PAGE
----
An online negotiation tool that’s proven to reduce material costs is now the Defense Logistics Agency’s preferred method for price negotiations on all competitive contracts valued at more than $150,000.
DLA Director Navy Vice Adm. Mark Harnitchek directed that reverse auctions be used for new procurements in a memorandum sent to the agency’s primary-level field activities in June. DLA recently awarded a new contract for an updated online reverse auction tool provided by Procurex.
The agency has saved more than $34 million through reverse auctions since fiscal 2010, when contracting officers began tracking savings from reverse auctions. Most of the savings stems from about 400 auctions held so far in fiscal 2012, said Charles Howerton, a procurement and systems analyst for the DLA Acquisition Programs and Industrial Capabilities Division.
The tool is one of several expected to drive DLA toward Harnitchek’s goal of saving $8.6 billion in material costs by the end of fiscal 2018.
“The current fiscal environment, where we have to do more with less, forces DLA and a lot of other folks to be very careful with how we spend public funds. A big chunk of the savings we’re expecting to achieve in the next five years will come from reverse auctions,” Howerton said.
Unlike traditional bidding, where suppliers don’t know who is competing for a contract or how much they’re bidding, reverse auctions allow suppliers to see what others are bidding, thereby encouraging them to propose a lower figure. The actual bidding process only takes about 30 minutes to an hour.
Reverse auctions were designed specifically to increase competition and reduce government costs, Howerton said, adding that contractors who say the tool diminishes profits are wrong. Rather, it forces contractors to be more efficient and offer items and services at the best possible price.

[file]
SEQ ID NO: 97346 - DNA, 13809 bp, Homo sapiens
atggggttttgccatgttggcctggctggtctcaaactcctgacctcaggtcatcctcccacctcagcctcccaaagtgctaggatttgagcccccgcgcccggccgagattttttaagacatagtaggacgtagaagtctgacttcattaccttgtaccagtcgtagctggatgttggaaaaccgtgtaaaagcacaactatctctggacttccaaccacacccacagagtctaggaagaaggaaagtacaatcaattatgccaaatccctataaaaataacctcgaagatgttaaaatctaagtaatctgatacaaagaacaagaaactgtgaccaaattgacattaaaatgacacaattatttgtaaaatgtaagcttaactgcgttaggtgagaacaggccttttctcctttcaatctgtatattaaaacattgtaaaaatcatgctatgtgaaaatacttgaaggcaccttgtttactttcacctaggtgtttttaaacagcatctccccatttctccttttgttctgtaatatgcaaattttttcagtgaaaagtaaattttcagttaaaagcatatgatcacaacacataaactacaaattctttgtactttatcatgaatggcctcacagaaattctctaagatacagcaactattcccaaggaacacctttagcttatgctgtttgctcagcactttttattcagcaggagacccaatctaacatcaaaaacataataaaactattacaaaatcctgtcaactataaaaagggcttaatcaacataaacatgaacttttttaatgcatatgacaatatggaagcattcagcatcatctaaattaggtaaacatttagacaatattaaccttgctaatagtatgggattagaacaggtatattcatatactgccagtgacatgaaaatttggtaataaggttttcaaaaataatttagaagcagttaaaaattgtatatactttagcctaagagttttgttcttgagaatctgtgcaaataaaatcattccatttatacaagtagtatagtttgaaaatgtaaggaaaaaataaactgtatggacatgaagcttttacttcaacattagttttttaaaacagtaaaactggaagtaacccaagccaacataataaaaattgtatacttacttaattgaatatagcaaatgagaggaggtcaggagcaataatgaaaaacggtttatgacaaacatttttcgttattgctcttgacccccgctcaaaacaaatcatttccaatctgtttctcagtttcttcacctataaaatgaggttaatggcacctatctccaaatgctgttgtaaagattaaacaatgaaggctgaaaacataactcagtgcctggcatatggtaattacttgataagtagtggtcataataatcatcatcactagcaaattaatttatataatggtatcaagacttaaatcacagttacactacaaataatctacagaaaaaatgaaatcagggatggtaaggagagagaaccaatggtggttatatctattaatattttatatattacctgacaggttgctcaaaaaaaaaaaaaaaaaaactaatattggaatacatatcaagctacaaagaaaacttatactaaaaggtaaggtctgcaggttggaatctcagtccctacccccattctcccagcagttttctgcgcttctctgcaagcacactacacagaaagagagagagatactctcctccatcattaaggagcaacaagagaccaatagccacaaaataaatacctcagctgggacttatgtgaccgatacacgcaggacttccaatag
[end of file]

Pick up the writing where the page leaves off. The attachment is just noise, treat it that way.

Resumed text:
“Reverse auctions provide incentive for suppliers who are able to restructure their internal operating procedures and costs,” he said. It can help them make their operations more efficient and cost effective. It’s a win-win.”
Enabling contractors to see the amount others are bidding often leads to tough decisions on the contractor’s end, Howerton continued. For example, a contractor that’s been doing business with DLA for several years and sees another contractor bidding for the same business at a lower cost will have to reconsider everything from production processes to prices.
“That contractor will have to ask, ‘Can I make money selling my product at the same price as the lowest bidder or not?’ If they’re thinking long-term and strategically, they’ll make the best choice to get their internal operations as efficient as possible if it means keeping their business,” he said.
Reverse auctions are better suited for commercial and competitive items such as pens and light bulbs, but also for new long-term contracts because of the economies of scale they produce. Only commanders and directors of primary-level field activities have the authority to make exceptions for not using the tool on procurements above $150,000.
“In those cases, the field activity commander must approve the exception, and documentation will be required to explain why a reverse auction was not used,” Howerton said.
— by Beth Reece, Sept. 11, 2012, Defense Logistics Agency news at http://www.dla.mil/dla_media_center/Pages/newsarticle201209111049.aspx#